I have been working with Prof. Tony Stallins on a biogeography project which uses overlapping unmanned aerial photographs to construct dense 3D reconstruction of topography, a process known as structure from motion photography (SFM) . This summer was spent preparing for data collection through the ordering of materials and performing some field tests of the helikite (a helium-filled balloon/ kite hybrid) and time-lapse photography (a GoPRO camera mounted to the helikite). The work this fall semester involves refining the techniques and equipment handling necessary to collect and process data from a local landscape feature. This tentatively may be a rock outcrop or the topography around a sinkhole. If possible, we may undertake mapping of topography on a barrier island, likely Sapelo Island (Georgia) or one of the islands in the Outer Banks of North Carolina. This trip would be more likely to occur during a continuation of the project in the spring semester so as to ensure that our data collection techniques are refined and potential sources of error are mitigated.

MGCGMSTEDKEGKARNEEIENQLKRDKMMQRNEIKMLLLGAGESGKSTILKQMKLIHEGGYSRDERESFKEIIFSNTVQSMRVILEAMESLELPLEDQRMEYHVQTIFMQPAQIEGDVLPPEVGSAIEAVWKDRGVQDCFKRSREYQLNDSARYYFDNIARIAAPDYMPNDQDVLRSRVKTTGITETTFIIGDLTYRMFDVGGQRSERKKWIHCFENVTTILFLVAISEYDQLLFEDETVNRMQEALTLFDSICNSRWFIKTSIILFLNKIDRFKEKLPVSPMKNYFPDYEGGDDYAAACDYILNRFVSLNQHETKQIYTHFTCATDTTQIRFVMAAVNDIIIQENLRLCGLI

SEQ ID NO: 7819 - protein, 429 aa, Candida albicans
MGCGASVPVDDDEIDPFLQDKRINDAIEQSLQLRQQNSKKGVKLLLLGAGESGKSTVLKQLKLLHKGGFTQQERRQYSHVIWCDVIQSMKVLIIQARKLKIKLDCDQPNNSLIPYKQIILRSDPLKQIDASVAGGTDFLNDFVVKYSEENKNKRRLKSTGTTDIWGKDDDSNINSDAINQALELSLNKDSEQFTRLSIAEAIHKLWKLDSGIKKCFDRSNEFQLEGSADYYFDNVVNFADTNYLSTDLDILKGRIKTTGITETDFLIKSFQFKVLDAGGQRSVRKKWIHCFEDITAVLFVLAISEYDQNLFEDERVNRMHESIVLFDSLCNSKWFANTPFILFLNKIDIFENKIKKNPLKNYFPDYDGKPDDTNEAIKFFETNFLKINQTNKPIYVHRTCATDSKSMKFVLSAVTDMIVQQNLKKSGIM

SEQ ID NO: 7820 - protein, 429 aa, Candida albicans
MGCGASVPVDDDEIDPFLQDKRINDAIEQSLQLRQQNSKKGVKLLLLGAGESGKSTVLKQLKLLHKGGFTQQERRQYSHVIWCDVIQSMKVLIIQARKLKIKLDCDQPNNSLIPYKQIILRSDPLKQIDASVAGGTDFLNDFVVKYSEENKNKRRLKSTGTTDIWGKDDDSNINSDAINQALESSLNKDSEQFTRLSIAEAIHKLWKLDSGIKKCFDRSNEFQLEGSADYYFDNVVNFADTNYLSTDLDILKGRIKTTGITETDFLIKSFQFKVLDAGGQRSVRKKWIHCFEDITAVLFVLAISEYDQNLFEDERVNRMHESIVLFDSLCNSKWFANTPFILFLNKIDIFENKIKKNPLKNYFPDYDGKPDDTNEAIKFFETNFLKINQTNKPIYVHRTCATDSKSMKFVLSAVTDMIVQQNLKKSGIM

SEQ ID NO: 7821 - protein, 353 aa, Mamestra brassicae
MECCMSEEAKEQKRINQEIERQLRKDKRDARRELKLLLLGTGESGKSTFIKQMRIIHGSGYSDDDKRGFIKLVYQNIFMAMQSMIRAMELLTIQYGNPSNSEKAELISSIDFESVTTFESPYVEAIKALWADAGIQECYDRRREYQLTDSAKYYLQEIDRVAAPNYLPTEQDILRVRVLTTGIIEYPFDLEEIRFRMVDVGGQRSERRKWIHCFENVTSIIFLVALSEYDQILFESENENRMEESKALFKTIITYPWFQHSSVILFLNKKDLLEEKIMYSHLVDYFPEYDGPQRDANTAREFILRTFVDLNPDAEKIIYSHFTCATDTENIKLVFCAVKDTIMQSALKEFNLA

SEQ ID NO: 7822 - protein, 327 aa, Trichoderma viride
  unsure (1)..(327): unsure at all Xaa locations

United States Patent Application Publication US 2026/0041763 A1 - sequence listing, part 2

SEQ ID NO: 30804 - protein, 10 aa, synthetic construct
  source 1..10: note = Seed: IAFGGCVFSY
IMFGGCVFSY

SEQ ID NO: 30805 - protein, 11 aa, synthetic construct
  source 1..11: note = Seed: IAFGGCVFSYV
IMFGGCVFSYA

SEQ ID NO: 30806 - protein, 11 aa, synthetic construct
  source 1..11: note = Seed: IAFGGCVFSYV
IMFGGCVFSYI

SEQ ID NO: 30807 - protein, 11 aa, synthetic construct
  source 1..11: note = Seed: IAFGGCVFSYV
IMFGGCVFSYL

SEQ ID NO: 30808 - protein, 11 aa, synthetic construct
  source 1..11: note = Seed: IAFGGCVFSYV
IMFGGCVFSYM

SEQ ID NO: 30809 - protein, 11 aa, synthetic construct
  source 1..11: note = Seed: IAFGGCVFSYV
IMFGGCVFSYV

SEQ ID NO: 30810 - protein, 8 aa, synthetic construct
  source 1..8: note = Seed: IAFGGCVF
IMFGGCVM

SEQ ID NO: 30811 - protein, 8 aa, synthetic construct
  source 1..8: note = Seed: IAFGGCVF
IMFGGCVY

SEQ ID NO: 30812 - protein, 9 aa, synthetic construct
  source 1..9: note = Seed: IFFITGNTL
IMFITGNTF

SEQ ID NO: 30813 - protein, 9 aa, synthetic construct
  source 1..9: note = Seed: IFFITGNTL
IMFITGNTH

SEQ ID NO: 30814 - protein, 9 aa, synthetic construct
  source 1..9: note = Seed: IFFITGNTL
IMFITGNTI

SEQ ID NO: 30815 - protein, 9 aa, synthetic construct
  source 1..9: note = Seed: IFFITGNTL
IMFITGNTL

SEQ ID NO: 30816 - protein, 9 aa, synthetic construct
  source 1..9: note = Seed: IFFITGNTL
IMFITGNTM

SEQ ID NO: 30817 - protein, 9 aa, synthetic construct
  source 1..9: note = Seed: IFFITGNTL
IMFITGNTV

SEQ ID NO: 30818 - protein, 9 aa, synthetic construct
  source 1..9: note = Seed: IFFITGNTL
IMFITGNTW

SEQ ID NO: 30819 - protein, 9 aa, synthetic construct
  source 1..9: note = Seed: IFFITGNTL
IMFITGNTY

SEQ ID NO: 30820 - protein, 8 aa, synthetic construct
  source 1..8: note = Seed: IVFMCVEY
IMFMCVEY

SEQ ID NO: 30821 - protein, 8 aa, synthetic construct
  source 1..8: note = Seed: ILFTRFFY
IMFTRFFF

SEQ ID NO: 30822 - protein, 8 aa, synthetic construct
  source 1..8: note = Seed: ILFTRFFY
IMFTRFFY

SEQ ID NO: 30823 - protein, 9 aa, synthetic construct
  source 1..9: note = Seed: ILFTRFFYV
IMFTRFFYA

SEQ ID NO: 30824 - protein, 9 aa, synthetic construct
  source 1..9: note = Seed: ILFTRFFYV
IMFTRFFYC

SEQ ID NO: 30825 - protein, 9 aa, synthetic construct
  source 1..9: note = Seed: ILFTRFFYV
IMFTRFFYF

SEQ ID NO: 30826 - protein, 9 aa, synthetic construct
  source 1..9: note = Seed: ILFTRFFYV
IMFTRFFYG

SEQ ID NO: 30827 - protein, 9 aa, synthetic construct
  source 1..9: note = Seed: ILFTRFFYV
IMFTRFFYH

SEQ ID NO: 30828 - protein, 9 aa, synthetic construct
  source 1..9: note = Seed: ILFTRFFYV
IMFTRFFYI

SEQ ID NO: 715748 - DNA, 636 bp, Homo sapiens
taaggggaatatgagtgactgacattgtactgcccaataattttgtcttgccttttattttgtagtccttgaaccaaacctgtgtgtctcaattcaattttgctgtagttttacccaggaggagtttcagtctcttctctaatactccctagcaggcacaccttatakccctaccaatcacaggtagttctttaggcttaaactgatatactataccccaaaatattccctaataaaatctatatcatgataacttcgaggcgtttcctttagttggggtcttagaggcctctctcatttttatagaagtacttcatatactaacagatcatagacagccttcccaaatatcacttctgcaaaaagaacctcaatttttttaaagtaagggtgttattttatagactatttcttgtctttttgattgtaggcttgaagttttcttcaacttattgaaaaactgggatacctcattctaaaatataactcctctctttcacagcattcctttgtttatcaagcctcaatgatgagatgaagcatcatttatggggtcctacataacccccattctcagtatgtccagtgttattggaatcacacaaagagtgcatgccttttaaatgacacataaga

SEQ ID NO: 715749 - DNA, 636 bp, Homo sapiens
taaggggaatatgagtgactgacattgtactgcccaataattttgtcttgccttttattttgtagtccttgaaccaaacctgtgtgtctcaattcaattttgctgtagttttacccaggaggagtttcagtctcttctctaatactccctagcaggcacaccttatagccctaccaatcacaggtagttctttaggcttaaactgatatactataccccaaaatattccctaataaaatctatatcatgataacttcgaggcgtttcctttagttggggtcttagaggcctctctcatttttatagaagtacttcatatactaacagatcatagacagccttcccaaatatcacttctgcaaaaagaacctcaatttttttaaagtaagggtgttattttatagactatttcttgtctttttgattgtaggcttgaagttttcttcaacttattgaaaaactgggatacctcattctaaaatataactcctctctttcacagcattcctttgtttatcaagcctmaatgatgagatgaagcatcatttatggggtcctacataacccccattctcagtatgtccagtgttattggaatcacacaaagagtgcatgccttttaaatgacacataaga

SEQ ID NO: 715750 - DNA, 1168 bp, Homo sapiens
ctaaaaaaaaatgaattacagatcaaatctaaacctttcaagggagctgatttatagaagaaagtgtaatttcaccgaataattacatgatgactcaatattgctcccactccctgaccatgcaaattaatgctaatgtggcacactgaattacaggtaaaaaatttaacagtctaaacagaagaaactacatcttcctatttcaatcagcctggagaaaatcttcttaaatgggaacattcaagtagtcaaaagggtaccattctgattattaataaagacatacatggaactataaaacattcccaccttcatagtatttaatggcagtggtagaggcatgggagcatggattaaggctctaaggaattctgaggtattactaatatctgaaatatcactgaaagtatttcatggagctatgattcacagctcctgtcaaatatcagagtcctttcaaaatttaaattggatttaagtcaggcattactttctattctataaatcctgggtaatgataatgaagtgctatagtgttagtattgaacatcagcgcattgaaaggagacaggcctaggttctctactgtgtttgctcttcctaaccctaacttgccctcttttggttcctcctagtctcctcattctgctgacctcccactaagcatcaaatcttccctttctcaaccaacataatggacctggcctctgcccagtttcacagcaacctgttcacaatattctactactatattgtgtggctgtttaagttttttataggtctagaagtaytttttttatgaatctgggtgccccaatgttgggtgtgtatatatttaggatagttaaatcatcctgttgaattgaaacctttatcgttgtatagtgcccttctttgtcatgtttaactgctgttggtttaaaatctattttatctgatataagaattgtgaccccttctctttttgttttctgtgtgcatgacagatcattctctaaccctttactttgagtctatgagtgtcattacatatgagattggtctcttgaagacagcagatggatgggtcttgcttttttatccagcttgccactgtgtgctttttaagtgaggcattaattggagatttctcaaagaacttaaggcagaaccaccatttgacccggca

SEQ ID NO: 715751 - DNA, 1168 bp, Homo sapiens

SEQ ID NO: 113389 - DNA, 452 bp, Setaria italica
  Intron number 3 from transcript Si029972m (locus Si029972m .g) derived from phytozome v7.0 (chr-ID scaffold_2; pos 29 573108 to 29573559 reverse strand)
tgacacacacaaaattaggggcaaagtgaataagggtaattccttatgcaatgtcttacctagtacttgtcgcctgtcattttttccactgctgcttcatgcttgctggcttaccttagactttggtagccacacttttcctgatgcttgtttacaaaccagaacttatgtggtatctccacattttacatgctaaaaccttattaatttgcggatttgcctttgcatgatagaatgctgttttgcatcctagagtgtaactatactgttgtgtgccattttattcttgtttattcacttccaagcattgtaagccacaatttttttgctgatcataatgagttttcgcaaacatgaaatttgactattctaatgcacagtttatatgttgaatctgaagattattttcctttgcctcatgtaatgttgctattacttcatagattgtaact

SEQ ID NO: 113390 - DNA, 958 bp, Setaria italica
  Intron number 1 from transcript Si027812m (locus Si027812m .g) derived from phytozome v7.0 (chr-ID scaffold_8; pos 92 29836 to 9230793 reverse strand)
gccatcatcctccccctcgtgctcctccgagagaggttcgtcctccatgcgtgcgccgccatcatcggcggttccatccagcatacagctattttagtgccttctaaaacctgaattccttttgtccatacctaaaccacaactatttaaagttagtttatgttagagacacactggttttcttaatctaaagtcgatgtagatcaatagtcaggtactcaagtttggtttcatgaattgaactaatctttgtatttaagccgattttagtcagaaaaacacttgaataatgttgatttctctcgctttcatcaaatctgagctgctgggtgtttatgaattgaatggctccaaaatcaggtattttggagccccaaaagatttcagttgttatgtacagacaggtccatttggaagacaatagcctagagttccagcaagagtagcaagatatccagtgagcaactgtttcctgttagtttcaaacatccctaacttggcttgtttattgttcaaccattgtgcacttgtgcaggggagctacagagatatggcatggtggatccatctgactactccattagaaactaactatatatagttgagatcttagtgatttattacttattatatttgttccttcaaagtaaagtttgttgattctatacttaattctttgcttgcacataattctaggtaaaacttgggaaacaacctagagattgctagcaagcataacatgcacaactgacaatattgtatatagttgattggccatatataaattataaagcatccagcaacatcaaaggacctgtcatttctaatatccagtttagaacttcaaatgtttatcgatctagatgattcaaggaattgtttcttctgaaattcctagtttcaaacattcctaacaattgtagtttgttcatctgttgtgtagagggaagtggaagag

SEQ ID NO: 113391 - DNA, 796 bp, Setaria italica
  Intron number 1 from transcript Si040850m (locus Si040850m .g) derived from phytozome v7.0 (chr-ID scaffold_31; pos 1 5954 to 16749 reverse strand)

The research involves the capture and use of aerial photographs to construct three-dimensional maps using freely available software. These maps can record horizontal and vertical positions of a surface at high resolutions, making it a low cost alternative for pricier, airplane-mounted LIDAR data collection. My goal is to utilize the aerial photos of a feature or landscape to perform a 3D reconstruction using VisualSFM and other shareware. This research fits into a larger research agenda involving the mapping of maritime dune plants and their topography.
Westoby et al